Using Science for Formulating ECE Public Policy

Here are three examples (all dealing with staff to child ratios) of using science in an innovative way to help formulate and guide early care and education (ECE) policy and standards/rules/regulations.

-> The use of developmental play patterns in determining staff child ratios. When caring for young children, toddlers are the most difficult to care for in groups. The reason being that toddlers do not form cohesive groups but rather engage in “herding” behavior. These “herds” are difficult to corral because of short attention spans and parallel play. So, does it make sense when promulgating standards that we reduce the relative size of the group and have fewer children to the teaching staff. Generally staff to child ratios are based upon the chronological age rather than the developmental age or developmental play patterns of the children.

-> In addressing the trilemma of child care (affordability, quality, accessibility) is it possible to alter the staff child ratio for those individual classrooms where we have a very highly qualified teacher (BA or MA in ECE) and increase the staff child ratio by one child. The increased tuition that comes with the extra child being enrolled would translate into a salary increase for the very highly qualified teacher in that respective classroom. In so doing, we address affordability, accessibility and quality in one fell swoop.

-> In determining staff child ratio compliance with the specific number of children to teaching staff in a group or classroom try utilizing a new metric called “contact hours”. “Contact hours” determines the number of children in a classroom or group setting and looks at that group with the number of teaching staff present over time. By asking 6 very basic questions, it is possible to calculate the area of a trapezoid to determine via this new metric “contact hours” if the group or classroom is in compliance or not with the specific staff child ratio for the respective age group by the area of the trapezoid. The other intriguing aspect of “contact hours” is that it can be calculated remotely or virtually without needing to do on site observations.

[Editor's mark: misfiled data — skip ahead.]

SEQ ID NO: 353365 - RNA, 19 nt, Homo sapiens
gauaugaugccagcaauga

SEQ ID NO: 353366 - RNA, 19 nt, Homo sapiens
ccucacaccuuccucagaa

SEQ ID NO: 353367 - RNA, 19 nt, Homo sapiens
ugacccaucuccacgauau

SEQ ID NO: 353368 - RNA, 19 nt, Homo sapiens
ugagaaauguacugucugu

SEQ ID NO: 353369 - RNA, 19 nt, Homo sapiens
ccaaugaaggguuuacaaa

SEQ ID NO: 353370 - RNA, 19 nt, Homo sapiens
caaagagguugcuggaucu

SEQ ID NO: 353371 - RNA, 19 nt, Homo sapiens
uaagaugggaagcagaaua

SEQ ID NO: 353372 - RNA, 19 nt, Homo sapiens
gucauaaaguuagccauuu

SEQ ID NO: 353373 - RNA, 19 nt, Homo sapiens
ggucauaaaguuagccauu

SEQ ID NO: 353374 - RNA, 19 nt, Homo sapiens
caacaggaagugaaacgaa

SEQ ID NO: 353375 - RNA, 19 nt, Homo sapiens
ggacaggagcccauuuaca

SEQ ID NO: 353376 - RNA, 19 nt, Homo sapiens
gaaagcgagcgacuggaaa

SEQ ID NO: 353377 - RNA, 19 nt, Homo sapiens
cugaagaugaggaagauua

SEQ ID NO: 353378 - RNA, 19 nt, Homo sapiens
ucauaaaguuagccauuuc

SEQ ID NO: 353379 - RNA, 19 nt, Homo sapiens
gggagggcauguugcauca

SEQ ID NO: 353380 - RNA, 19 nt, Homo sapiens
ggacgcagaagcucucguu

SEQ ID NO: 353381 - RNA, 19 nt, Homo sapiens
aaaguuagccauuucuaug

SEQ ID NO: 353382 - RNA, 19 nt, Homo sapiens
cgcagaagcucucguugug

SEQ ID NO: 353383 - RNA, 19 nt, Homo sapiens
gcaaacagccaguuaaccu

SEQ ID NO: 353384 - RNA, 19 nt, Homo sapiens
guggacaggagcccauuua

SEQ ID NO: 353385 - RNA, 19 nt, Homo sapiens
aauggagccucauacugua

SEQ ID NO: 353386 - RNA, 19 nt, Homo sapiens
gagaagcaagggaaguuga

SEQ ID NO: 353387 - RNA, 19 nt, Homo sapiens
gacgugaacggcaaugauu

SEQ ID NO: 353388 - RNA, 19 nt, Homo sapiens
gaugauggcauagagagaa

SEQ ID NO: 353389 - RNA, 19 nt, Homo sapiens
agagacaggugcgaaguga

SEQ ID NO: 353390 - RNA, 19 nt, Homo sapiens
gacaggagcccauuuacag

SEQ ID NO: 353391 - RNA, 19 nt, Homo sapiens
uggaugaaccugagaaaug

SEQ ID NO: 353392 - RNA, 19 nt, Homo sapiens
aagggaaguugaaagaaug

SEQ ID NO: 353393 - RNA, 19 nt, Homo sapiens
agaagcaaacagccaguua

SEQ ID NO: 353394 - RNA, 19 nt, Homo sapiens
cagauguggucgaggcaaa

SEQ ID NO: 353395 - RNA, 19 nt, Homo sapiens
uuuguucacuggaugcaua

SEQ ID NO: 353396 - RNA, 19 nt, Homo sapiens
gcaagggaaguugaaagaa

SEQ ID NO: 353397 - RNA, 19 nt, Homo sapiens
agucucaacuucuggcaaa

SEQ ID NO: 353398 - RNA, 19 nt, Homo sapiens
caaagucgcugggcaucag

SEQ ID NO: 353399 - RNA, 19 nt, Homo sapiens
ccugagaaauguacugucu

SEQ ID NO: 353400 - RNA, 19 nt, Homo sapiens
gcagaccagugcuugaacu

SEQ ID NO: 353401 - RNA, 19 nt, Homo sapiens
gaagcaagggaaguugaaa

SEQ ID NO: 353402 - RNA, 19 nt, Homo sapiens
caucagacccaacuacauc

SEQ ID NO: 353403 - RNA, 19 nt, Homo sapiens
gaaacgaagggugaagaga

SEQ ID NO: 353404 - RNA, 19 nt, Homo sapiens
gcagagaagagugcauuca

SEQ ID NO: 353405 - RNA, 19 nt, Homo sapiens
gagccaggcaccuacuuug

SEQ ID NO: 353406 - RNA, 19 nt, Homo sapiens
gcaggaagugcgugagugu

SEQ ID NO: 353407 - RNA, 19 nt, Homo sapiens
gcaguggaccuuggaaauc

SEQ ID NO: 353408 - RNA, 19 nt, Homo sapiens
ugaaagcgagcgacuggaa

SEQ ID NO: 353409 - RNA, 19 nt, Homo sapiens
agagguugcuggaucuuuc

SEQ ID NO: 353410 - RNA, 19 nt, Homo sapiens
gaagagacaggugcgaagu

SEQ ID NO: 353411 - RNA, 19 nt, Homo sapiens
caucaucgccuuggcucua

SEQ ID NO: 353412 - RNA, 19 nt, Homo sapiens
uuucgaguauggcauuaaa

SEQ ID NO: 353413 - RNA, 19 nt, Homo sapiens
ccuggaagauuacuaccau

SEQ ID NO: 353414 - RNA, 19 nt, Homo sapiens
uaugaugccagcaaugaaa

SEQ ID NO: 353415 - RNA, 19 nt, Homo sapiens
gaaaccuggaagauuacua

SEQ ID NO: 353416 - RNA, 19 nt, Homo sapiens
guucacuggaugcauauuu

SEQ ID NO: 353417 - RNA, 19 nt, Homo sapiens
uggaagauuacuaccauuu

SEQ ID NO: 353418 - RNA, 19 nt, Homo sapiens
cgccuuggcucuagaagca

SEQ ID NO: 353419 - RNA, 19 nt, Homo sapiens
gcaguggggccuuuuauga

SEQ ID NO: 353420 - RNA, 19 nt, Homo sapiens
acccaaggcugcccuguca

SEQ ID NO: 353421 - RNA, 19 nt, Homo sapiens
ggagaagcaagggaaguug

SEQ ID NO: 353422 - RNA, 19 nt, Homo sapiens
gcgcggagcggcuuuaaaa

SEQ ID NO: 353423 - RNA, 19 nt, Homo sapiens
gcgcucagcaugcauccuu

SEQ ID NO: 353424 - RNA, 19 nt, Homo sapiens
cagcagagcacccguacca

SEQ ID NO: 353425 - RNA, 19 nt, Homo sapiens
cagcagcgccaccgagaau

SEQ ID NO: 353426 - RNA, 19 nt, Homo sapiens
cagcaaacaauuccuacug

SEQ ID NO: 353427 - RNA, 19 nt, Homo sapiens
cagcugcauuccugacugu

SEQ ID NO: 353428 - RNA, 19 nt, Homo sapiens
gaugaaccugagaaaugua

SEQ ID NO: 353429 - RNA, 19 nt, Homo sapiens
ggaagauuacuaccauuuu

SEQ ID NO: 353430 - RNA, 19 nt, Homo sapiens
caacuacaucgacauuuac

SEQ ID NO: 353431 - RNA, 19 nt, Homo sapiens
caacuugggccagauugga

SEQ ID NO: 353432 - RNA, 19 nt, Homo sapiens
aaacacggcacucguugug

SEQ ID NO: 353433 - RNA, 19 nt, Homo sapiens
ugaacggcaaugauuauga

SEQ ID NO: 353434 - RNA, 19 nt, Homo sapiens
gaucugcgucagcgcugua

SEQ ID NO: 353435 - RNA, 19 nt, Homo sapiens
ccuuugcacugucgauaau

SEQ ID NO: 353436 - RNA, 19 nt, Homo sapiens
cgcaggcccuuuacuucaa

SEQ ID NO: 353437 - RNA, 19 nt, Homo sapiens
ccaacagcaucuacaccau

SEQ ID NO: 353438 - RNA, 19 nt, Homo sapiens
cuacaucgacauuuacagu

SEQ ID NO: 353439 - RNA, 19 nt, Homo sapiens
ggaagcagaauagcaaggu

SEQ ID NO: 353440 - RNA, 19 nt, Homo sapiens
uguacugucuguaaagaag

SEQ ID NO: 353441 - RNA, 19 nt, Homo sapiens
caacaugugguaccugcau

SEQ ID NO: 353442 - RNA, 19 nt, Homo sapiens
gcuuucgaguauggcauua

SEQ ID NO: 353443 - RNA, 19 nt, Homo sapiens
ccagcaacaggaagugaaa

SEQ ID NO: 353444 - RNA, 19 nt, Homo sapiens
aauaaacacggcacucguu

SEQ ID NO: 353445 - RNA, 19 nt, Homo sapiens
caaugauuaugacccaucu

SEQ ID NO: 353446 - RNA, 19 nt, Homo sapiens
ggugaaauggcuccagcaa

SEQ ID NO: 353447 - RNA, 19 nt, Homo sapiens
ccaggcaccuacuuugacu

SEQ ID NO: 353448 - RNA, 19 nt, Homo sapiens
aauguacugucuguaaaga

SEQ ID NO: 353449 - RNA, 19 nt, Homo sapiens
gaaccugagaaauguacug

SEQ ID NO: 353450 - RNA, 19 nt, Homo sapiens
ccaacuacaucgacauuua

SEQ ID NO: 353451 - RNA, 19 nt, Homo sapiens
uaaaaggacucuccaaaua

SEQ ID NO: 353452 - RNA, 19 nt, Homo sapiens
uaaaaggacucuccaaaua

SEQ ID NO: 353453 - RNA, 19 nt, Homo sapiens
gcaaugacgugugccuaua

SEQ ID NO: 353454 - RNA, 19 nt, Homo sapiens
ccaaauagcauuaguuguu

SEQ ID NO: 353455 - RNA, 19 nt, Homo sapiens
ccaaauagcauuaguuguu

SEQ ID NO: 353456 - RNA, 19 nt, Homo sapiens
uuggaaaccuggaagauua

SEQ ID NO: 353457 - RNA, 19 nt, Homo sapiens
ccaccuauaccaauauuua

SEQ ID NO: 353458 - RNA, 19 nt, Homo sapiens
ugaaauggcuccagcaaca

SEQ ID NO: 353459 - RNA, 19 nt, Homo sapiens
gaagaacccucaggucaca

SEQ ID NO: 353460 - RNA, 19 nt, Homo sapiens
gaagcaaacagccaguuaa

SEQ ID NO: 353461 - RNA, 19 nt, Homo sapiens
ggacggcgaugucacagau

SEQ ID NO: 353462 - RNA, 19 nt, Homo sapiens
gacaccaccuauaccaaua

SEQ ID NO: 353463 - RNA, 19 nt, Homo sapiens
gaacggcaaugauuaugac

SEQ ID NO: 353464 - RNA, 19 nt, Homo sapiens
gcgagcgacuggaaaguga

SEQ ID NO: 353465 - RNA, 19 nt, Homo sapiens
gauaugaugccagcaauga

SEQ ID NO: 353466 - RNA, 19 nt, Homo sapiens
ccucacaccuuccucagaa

These are just three examples of how we can begin to use science to help us determine empirically how best to design and implement ECE standards/rules/regulations. If you are interested in any of these three examples, please don’t hesitate to contact me and I can provide additional documentation.

About Dr Fiene

Dr. Rick Fiene has spent his professional career in improving the quality of child care in various states, nationally, and internationally. He has done extensive research and publishing on the key components in improving child care quality through an early childhood program quality indicator model of training, technical assistance, quality rating & improvement systems, professional development, mentoring, licensing, risk assessment, differential program monitoring, and accreditation. Dr. Fiene is a retired professor of human development & psychology (Penn State University) where he was department head and director of the Capital Area Early Childhood Research and Training Institute.
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